Hiking the Rancheria Grande

by Carolyn Henderson

To walk where Spanish settlers walked hundreds of years ago and native tribes lived their lives, even thousands of years ago is an inspiring experience. Members of the El Camino Real chapter Texas Master Naturalist and El Camino Real de los Tejas National Trail Association got to experience it firsthand Saturday in a guided tour of a trail in development.

The group after their hike

The trail is part of the El Camino Real Trail that spans a good part of Texas. The part travelled Saturday, June 2, runs across the Cedar Hill Preserve, owned by Mike and Joyce Conner, and the Baumann Ranch. The Conner property is being developed as a native flora and fauna preserve, and the adjoining Baumann ranch is still a working cattle ranch. It is now part of the National Trail Association, and it is being prepared for study and hiking for organized groups in the future.

The trail head

The wet swales were probably formed by water traveling in a path through the area in wet seasons then later used by travelers.

Mike Conner talks about the wet swale

The trail head begins in a woody area on sandy loam soil complete with a fancy new outhouse somewhat like your grandparents had in this area. In many areas a hiker can actually see the trodden
path taken by Spaniards and Native Americans dating back hundreds and probably thousands of years ago. They are most discernable by swales that bank the path. A swale is a buildup of land running along each side of the ancient trail. It looks a bit like a street curb might look today. There are both dry swales and wet swales. The dry swales were strictly roads/paths taken by travelers.

Dry Swale (photo by Michelle Lopez)

There also are signal trees believed to have been formed by the native tribes to give direction
then later used by the Spaniards. Artifacts from both groups have been identified by archaeologists
studying the area. Post Oak trees primarily were used to form these trees.

Signal Tree

When you come out of the wooded area, you are then on an uphill stretch to reach the very high hilltop. The top of the hill is like a meadow looking out at the woods below and nearby hills or “mountains.” Sugar Loaf Mountain is very near and visible from this hilltop. It is believed that this hilltop where we were was a village for a native tribe or tribes over the years. Tonkawa artifacts have been identified from the area. There was a great deal of speculation by the hikers that the different tribes sent smoke signals to each other from these hill tops. A visit to Sugar Loaf Mountain has long been a rite of passage for area high schoolers.

This area is part of the Rancheria Grande Los Brazos de Dios. An archaeological dig in the area around Alligator Creek and Pin Oak Creeks, both of which cross these properties, a few years ago found evidence of very early Spanish settlements.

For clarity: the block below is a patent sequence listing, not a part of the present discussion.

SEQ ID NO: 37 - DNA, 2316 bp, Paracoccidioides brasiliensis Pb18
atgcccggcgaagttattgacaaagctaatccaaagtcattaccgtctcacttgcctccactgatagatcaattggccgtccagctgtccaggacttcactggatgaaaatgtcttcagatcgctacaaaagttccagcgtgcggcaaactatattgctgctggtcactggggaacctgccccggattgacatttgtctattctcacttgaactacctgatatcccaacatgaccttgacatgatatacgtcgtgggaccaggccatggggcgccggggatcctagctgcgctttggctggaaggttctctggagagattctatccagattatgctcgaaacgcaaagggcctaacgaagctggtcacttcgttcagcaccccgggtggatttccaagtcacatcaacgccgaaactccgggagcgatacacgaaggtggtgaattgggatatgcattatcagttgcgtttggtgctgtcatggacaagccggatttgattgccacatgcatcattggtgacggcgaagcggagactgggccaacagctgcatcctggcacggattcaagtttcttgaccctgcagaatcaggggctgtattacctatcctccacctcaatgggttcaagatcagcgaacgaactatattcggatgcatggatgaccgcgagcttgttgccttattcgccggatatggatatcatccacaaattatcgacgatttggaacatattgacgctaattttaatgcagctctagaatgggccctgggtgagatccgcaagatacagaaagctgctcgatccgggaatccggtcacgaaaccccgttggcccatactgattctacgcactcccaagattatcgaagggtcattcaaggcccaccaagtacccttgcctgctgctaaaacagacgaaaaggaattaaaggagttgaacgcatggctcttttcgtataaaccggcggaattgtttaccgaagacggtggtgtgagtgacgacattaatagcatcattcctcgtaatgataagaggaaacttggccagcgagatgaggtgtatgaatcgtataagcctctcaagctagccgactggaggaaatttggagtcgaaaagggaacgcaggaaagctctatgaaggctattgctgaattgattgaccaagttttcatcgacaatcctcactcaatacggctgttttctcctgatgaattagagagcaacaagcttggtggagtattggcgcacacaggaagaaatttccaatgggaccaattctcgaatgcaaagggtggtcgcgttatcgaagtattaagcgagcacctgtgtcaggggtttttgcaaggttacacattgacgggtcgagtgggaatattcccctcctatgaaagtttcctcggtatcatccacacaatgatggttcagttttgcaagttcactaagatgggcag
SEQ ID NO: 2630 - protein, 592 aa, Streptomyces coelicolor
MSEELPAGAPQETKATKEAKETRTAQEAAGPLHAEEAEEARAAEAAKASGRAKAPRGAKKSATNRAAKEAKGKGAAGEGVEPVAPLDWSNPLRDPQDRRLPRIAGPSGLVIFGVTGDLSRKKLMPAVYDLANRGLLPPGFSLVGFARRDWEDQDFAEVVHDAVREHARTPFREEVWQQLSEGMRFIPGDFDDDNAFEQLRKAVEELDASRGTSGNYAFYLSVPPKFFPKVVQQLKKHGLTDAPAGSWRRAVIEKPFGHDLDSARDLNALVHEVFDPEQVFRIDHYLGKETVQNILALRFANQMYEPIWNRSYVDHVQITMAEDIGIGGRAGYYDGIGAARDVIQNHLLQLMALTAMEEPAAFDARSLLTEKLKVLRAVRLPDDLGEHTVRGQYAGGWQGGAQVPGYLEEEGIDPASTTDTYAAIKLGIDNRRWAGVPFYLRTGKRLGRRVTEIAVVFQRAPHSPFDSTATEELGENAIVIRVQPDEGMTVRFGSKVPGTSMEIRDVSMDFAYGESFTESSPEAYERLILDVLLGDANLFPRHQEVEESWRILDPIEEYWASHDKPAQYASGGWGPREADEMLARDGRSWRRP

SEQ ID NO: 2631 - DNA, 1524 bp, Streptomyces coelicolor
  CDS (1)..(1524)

Trail loop

Mike Conner and Dr. John Pruett, tour guides for the adventure, and Mr. and Mrs. Baumann, explained the history and discoveries while the rest of us recovered from the climb. Joyce Conner etched a map of the trail into a homemade tabletop. It sits at the top of the hill.

Joyce Conner’s tabletop map

Going downhill was easier, but one could certainly feel the rising midday temperature. An appreciation of what people had to go through to get anywhere hundreds and thousands of years ago is brought home when hiking this trail.

The Baughmans (center)

There is a book titled The Archaeology of Rancheria Grande Los Brazos de Dios, written by Sergio A. Iruegas, archeologist, and Melinda T. Iruegas, about the discoveries in the area. It is currently out of print, but there are copies at the Cameron and Rockdale libraries. If you own land in that area, you may be sitting on artifacts.

Mike Conner talks about the trail

White Ibis Sighting

by Michelle Lopez

I went to check our pond to see if the 1.5 inches of rain made a difference, and I was surprised to see two birds in the pond that I did not recognize. I didn’t have my binoculars or any of my bird watching stuff with me so I got the best pictures and video I could with my phone.  My dog Whiskey was also excited to see them…too bad she scared them away. Hopefully they will come back.

I used my Merlin app to identify the birds, it told me that they were Juvenile White Ibis, and they are rare in this area. I confirmed it with my Sibley’s Bird Guide. How exciting! 

Volunteering at the Gault Site

by Michelle Lopez

by Michelle Lopez

My husband Oscar and I went to the Gault Archaeological site and helped clear huge trees and branches that had fallen during a recent tornado. Got to meet some fellow Master Naturalists from other groups. It was an honor and a pleasure to meet Dr. Mike Collins, who bought the land/site and donated it to the Archaeological Conservancy to be able to preserve it.

The entry. We are always up for more field trips here!

There was also a film crew who are in the process of making a documentary about the site. It was exciting learning about the history, and I’m still very surprised that this place has been there for so long and I only heard about it when Dr. Clark Wernecke taught an archaeological class about it. It was fun meeting him as well; he’s a very cool guy.

About the film

Olive Talley is doing an awesome job on this documentary trying to get the word out about this hugely important site that literally changes everything scientists thought they knew about when people were living here locally. This site suggests 20,000 years ago!! That’s much earlier than 13,500 previously thought for the Clovis culture. 

Clark W. explaining about the site.

Here is a link to be able to follow the documentary. 


Enjoy some photos from our day!